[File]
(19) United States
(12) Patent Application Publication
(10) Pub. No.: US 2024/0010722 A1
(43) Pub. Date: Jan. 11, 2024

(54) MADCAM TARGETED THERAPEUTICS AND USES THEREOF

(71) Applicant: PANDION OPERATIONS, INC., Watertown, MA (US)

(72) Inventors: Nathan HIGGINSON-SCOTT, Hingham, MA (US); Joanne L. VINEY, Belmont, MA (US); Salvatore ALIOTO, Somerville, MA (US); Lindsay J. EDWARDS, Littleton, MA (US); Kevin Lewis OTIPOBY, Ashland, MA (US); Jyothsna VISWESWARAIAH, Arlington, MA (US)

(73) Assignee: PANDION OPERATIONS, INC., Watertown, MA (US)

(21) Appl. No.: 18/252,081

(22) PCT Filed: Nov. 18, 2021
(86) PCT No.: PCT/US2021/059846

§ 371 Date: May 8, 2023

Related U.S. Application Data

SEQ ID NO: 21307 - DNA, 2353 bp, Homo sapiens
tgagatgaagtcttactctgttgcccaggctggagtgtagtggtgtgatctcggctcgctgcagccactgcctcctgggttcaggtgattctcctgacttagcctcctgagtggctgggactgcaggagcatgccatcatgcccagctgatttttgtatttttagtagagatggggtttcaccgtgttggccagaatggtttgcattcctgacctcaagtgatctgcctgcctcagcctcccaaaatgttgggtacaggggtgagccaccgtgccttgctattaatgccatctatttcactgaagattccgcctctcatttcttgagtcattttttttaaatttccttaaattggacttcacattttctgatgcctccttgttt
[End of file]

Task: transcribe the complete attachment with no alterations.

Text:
(19) United States
(12) Patent Application Publication
(10) Pub. No.: US 2024/0010722 A1
(43) Pub. Date: Jan. 11, 2024

(54) MADCAM TARGETED THERAPEUTICS AND USES THEREOF

(71) Applicant: PANDION OPERATIONS, INC., Watertown, MA (US)

(72) Inventors: Nathan HIGGINSON-SCOTT, Hingham, MA (US); Joanne L. VINEY, Belmont, MA (US); Salvatore ALIOTO, Somerville, MA (US); Lindsay J. EDWARDS, Littleton, MA (US); Kevin Lewis OTIPOBY, Ashland, MA (US); Jyothsna VISWESWARAIAH, Arlington, MA (US)

(73) Assignee: PANDION OPERATIONS, INC., Watertown, MA (US)

(21) Appl. No.: 18/252,081

(22) PCT Filed: Nov. 18, 2021
(86) PCT No.: PCT/US2021/059846

§ 371 Date: May 8, 2023

Related U.S. Application Data

SEQ ID NO: 21307 - DNA, 2353 bp, Homo sapiens
tgagatgaagtcttactctgttgcccaggctggagtgtagtggtgtgatctcggctcgctgcagccactgcctcctgggttcaggtgattctcctgacttagcctcctgagtggctgggactgcaggagcatgccatcatgcccagctgatttttgtatttttagtagagatggggtttcaccgtgttggccagaatggtttgcattcctgacctcaagtgatctgcctgcctcagcctcccaaaatgttgggtacaggggtgagccaccgtgccttgctattaatgccatctatttcactgaagattccgcctctcatttcttgagtcattttttttaaatttccttaaattggacttcacattttctgatgcctccttgttt